I fiddled around with a blog five years ago and only recently started getting “serious” about blogging. I had no idea what I was doing back then. I plodded along and pretended to know it all. Truth was, I was winging it – big time, and making some of these newbie mistakes...
- Stealing pictures
- Going crazy with my post links
- Publicly having a go at my friends
- Calling out other bloggers
- Competing against the world – and myself
- Thinking I was too good for other things
- Forgetting why I started blogging in the first place
So much for blogging being a fun, creative outlet, right? I obsessed about things like SEO, keywords, and blog hits. How many people were reading my blog and what if I ran out of content?! I left a full day job to follow a writing career dream; blogging was just one (big) part of my freelance day. These days, I’ve got two blogs that I’m passionate about, and they don’t consume my every waking moment. As strange as it may sound, I’m glad I made all those blogging mistakes; I think it helped me to become a better blogger... and writer.
Have you ever made any of these “newbie” blogging mistakes?
1. Stealing images for my blogs
What's easier than saving Google images onto your desktop? I did this for every article or post I published. And then a blogging buddy got sued over an image she posted. That was a huge wake-up call. Funny thing was, I never bothered too much about the impact of an image – I just put one up for the sake of it. Now, I’m really selective about what images I choose to put on my blogs.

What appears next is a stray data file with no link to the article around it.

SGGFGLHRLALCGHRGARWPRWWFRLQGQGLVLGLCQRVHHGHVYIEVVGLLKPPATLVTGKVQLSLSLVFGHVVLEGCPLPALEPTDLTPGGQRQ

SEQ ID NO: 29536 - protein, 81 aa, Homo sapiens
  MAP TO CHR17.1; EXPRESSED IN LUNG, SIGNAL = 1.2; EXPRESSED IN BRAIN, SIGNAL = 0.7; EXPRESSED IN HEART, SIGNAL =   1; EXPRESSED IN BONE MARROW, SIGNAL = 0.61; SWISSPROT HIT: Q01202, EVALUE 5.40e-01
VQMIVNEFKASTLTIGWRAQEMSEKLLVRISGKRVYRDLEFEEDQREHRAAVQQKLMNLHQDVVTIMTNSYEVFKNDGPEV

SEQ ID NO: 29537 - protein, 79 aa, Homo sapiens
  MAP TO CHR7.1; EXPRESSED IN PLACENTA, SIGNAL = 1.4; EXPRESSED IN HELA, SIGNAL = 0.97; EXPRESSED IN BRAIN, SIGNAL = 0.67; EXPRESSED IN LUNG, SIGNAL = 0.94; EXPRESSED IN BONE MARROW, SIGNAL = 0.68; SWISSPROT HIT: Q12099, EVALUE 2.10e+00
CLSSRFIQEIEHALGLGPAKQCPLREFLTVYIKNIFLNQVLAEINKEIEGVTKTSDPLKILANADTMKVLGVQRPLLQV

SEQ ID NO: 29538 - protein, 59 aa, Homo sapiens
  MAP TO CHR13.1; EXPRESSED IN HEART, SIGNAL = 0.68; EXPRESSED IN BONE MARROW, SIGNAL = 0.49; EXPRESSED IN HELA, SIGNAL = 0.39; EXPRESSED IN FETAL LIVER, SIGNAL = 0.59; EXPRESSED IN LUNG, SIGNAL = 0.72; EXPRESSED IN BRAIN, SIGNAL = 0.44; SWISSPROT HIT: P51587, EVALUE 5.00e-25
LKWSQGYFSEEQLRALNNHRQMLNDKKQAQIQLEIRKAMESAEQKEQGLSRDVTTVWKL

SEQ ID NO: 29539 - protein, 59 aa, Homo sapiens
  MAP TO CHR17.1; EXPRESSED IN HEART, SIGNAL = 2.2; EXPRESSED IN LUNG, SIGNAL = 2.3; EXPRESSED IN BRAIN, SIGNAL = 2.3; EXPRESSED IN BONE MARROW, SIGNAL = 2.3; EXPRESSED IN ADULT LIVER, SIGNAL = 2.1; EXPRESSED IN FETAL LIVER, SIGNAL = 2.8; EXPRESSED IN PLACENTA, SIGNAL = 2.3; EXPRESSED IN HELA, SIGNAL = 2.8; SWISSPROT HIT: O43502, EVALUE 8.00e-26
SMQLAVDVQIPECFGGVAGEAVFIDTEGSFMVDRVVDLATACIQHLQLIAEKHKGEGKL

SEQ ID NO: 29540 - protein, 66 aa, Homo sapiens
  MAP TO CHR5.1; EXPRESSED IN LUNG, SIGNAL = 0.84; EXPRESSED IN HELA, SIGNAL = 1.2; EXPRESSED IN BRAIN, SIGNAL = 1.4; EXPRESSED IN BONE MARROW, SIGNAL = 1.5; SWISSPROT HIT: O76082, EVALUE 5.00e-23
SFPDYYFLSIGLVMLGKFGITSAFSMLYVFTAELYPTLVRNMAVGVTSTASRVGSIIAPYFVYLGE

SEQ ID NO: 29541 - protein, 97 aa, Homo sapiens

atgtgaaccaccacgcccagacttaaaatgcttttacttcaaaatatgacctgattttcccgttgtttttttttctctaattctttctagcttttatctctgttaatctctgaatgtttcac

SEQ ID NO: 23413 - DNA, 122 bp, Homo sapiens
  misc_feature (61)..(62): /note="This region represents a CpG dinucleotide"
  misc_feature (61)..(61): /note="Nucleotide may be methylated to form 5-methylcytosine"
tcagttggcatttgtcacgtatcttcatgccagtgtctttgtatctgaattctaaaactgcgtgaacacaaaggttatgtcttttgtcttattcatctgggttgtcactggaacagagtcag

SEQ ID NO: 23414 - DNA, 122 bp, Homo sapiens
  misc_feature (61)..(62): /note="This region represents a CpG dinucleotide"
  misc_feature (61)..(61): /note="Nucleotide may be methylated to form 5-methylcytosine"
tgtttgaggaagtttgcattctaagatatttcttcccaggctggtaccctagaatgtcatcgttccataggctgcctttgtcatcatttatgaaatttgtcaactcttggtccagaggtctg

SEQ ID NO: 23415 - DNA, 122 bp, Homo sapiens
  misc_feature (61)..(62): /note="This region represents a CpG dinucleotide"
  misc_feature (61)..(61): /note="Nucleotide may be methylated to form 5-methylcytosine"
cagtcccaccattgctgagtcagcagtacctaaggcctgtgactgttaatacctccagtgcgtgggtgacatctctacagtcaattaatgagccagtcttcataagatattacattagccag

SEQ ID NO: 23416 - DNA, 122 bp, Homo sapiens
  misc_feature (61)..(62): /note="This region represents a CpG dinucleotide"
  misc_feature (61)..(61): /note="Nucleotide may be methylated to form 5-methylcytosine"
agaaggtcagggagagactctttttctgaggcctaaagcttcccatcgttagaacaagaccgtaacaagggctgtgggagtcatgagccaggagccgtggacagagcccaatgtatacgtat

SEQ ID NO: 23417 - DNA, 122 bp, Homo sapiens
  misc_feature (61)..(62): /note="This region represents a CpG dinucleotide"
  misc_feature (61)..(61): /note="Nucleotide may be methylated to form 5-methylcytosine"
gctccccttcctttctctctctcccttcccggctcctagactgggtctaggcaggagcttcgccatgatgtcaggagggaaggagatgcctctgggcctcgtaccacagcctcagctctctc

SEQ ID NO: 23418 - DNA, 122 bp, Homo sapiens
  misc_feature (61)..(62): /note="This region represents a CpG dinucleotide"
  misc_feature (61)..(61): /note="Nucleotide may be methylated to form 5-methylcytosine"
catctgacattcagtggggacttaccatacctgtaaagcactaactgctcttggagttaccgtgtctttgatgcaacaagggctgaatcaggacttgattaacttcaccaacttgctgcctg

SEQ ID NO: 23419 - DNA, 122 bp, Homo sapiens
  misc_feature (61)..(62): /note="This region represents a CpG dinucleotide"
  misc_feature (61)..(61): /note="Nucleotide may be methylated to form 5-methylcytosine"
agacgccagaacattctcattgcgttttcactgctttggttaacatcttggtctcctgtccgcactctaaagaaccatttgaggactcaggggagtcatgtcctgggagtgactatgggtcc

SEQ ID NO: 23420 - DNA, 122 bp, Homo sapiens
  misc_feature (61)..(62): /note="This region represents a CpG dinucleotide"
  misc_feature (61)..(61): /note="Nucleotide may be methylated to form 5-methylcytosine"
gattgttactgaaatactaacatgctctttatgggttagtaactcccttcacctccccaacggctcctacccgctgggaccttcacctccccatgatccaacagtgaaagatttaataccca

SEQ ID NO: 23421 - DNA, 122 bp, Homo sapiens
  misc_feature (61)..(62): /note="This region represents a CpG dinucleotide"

- Great sites to use for free images: freedigitalphotos.net and flickr.com (creative commons)
- An awesome site for editing images: picmonkey.com
2. Over-sharing blog posts
Rookie blogging mistake: when you start out, you think everyone wants to read your post so you share it all over the place. In my case, I was terrified I wasn’t doing enough to market my writing. Turns out, this is a fast and easy way to put people off your writing – and you. (I had quite a few people unfriend me on Facebook because of it). So now I’m not so trigger-happy with the buttons. I aim for two or three times over 24-hours on social media sites. I put a lot more thought into what I’m sharing instead of just slapping down a link and hoping that people will take notice.
3. Having a go at friends on my blog
I had this silly fixated idea that my friends would gobble up every post I wrote and want to share it with the world. And then reality hit. I was so upset that I wrote a cringe-worthy post calling out my friends for not supporting me. Luckily for me, I have some pretty amazing friends who could see past all that pettiness (and insecurity I guess). My friends never comment on my blogs, and I’m fine with that. One or two might read a post here or there, and that's fine too, great. But my focus isn't on writing for friends anymore.
4. Offending other bloggers